For this type of evaluation, a direct clinical examination along with the interpretation of bitewing radiography images usually required.
Radiographic pictures, on the other hand, are ineffective in the early stages of Class I caries.
A pear-shaped bur, tungsten carbide # 245, used in a high-speed handpiece with thorough water-cooling to first establish cavity depth on a lower molar,
for example, if the carious lesion found to involve all of the fissures on the occlusal surface.
The bur dropped into the central fossa until it reaches a depth of less than 2 mm.
The bur then pushed back and forth across the central developing groove, from mesial to distal, to remove carious dental tissues.
At the same time, the cavity outline will establish. To complete the caries clearance, the buccal and lingual developing grooves are similarly engaged.
THE PEAR SHAPED BUR?
The pear-shaped bur was chosen because it aids in generating a slight convergence of the cavity’s buccal and lingual walls towards the occlusal opening (undercut effect).
This will generate a cavity base that is slightly bigger than the occlusal aperture required to hold the restoration in place (retention form).
If the carious lesion has progressed beyond 2 mm in-depth, the decaying dentin is carefully removed with a spoon excavator.
The subfloor, which is often a rounded concavity that extends beyond the pulpal floor level, is formed as a result of this.
To finish the subfloor and remove any residual rotten dentin, a slow-speed handpiece is employed with a large-size round bur.
The cavity walls and floor are next finished and refined with slow-speed burs.
An occlusal carious lesion can occasionally be linked to one on the buccal or lingual surface.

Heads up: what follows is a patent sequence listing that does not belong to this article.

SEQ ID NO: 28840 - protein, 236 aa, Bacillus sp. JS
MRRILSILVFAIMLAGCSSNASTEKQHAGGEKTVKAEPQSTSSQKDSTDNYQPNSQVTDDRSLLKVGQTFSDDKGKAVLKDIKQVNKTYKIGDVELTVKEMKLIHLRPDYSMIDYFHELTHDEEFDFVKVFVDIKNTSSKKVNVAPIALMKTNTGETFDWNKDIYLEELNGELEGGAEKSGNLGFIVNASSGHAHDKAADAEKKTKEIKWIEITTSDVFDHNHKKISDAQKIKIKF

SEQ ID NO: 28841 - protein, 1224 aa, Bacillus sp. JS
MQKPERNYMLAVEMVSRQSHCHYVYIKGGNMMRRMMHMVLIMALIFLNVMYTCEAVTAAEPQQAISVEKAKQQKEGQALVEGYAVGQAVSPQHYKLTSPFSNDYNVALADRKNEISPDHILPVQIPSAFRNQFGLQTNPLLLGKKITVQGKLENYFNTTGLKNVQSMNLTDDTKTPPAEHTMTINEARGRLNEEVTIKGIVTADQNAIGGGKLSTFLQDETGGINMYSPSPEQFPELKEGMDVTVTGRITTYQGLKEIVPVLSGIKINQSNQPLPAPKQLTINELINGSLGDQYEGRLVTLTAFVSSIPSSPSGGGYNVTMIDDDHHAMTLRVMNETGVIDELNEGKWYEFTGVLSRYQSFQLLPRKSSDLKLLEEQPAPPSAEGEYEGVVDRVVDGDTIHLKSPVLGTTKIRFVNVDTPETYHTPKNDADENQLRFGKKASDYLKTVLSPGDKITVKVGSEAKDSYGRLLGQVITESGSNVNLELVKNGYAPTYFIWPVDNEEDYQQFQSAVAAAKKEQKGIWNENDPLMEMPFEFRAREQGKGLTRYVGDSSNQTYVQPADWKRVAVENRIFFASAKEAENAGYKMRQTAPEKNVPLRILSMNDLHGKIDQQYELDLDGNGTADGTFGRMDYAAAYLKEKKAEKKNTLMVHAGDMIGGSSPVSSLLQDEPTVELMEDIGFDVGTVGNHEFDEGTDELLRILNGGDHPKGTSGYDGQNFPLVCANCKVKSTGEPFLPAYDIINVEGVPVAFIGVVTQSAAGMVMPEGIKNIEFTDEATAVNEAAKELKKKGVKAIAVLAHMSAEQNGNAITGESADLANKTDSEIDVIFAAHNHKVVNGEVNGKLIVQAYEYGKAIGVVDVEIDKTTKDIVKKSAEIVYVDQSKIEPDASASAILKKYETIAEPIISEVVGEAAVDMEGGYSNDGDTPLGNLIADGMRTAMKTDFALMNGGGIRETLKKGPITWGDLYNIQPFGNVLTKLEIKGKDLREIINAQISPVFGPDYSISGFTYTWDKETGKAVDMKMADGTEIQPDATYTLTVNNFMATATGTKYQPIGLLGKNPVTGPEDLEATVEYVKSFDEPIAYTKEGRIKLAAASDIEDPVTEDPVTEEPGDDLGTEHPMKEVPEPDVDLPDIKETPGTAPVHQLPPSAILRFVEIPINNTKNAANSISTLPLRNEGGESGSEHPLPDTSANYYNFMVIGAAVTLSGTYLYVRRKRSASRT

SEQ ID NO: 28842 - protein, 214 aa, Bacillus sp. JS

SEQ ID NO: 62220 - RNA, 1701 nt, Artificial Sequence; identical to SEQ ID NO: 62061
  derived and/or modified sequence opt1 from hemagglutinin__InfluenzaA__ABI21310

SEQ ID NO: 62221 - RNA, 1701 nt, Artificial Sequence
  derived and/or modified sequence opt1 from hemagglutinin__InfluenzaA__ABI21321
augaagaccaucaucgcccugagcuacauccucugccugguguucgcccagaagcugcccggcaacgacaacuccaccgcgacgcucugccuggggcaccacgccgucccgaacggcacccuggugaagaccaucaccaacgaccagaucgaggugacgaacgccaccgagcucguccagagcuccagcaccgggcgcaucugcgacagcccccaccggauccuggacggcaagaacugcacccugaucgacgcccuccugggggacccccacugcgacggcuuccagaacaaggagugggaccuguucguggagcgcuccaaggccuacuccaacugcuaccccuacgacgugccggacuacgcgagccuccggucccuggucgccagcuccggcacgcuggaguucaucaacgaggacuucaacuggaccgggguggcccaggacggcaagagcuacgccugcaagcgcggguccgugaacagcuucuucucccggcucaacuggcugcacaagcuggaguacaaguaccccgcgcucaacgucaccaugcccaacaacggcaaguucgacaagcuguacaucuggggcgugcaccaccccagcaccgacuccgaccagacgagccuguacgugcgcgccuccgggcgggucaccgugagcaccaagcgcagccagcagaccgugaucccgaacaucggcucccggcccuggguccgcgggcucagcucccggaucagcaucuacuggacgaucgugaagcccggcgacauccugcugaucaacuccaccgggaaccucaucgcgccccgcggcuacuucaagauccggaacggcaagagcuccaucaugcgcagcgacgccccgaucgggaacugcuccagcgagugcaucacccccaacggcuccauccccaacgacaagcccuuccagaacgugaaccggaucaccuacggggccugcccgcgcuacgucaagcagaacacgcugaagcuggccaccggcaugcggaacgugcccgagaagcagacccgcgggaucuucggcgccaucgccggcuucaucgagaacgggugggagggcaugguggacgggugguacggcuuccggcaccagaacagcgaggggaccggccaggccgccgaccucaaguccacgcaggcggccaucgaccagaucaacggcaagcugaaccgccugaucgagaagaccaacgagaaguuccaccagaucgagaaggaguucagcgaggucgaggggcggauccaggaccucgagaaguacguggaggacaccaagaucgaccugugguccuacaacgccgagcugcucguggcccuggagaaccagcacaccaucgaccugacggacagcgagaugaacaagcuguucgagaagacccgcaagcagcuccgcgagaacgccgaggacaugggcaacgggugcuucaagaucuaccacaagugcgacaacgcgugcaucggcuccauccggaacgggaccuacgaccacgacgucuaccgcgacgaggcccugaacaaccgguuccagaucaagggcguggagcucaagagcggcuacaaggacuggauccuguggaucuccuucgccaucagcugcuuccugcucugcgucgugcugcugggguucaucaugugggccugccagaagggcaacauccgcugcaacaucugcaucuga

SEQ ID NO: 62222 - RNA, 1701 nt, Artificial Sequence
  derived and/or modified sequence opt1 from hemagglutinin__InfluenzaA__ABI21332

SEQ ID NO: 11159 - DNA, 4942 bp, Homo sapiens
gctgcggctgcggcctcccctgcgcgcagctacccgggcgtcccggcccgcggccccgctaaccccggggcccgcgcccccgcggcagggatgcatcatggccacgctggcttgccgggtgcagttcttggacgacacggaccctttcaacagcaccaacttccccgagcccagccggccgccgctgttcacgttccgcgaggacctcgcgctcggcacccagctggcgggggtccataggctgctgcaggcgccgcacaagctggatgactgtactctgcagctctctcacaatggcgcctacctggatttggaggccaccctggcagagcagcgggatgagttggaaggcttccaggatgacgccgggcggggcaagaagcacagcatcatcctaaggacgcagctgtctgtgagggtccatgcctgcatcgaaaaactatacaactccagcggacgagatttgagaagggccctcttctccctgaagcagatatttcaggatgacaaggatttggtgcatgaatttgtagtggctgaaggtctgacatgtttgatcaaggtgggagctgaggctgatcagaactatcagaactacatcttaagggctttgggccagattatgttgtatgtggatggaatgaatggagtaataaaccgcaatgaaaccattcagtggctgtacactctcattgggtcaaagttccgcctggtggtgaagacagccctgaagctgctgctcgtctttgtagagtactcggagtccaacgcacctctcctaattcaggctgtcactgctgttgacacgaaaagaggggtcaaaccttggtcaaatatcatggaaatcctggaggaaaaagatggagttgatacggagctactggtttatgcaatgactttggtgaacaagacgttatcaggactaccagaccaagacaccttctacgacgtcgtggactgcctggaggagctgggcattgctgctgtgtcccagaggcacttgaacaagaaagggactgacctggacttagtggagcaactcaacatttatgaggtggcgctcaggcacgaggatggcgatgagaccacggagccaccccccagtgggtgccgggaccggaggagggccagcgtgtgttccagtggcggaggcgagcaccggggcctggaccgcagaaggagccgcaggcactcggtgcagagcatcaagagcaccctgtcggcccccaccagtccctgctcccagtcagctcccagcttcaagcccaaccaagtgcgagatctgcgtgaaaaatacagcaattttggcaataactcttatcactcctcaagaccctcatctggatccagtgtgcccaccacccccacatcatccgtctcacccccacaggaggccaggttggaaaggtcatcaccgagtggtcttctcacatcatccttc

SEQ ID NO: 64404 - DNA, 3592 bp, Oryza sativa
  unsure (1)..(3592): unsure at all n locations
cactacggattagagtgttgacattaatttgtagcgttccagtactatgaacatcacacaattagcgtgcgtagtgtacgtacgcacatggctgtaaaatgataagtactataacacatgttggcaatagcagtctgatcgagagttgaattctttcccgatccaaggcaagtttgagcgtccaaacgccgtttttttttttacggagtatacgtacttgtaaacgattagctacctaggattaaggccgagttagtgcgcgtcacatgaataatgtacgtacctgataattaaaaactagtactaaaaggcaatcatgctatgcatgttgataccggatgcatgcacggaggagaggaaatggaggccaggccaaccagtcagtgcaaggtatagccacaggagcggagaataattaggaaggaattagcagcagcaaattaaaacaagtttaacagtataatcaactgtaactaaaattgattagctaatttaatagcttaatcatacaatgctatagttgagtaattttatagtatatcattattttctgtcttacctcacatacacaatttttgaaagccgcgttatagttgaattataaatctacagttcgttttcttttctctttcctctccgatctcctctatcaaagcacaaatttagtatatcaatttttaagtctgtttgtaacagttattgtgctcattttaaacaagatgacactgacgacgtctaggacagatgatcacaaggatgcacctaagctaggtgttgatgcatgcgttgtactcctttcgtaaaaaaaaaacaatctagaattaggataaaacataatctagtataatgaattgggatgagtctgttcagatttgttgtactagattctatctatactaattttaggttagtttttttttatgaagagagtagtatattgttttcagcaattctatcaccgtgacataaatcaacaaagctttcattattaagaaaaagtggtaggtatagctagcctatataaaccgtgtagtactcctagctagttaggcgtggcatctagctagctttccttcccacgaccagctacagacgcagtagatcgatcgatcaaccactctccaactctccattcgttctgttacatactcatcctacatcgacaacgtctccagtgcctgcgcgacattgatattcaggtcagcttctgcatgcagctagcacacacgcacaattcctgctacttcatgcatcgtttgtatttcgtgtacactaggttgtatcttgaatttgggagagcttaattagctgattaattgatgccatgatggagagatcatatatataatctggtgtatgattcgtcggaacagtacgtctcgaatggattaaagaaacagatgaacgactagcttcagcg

The next step is to create a Class I cavity with a buccal or lingual extension.
Depending on the extent of the lesion, the extension may or may not entail the preparation of a step.
If the lesion on the buccal or lingual surface is below the pulpal floor, a step must be prepared.
CAVITIES IN CLASS II
Caries lesions of class II appear on the proximal surfaces of premolars and molars.
They can happen in conjunction with occlusal (Class I) caries or they can happen on their own.
A two-surface cavity is produced when caries are present on both the occlusal and proximal surfaces of the tooth.
However, the dentist frequently has to break through an otherwise healthy marginal ridge to obtain access to the proximal carious disease.
Because there are no other means to reach such lesions for comprehensive caries eradication
this is referred to as the “convenience form.”
The proximal box refers to the proximal section of the cavity that is produced during this procedure. It has a floor and walls (gingival) (buccal, lingual, and axial).
To offer retention against vertical displacement, the floor should be slightly larger than the occlusal opening (undercut effect).
Furthermore, because the proximal box has only three walls additional retentive methods
used to prevent the proximal component of the restoration from sliding out of the box horizontally.
For this aim, a small round bur (1/4 round) use to carve retention grooves in the box at strategic spots (axiobuccal and axiolingual lineagles).
When an oblique ridge not present, a dovetail outline followed on the occlusal region of the Class II cavity on some teeth,
such as maxillary molars, to offer retention against horizontal displacement of the proximal portion restoration.
HOW TO AVOID STRESS CONCENTRATION IN AMALGAM RESTORATION?
To avoid stress concentration in an amalgam restoration, the axiopulpal lineangle,
which generated by connecting the proximal box to the occlusal cavity, must round off.
In the long run, this could result in an isthmus fracture.
Beveling of the gingival Cavo-surface border another resistance element included in the proximal box.
This is to remove unsupported enamel rods that could otherwise break off under mastication forces leaving a gap at this vital margin.
A slot cavity, which is essentially the proximal component of the Class II preparation
prepared when a Class II carious lesion exists without occlusal involvement.
In such circumstances, retention grooves at the lineangles are critical because in the absence of the occlusal part,
they are the only method of preventing horizontal movement.
A large Class II cavity might potentially affect all five surfaces of molars.
This happens when occlusal caries extends buccally and lingually
through the grooves and there are carious lesions on both proximal surfaces.
Additional measures of retention, such as the implantation of pins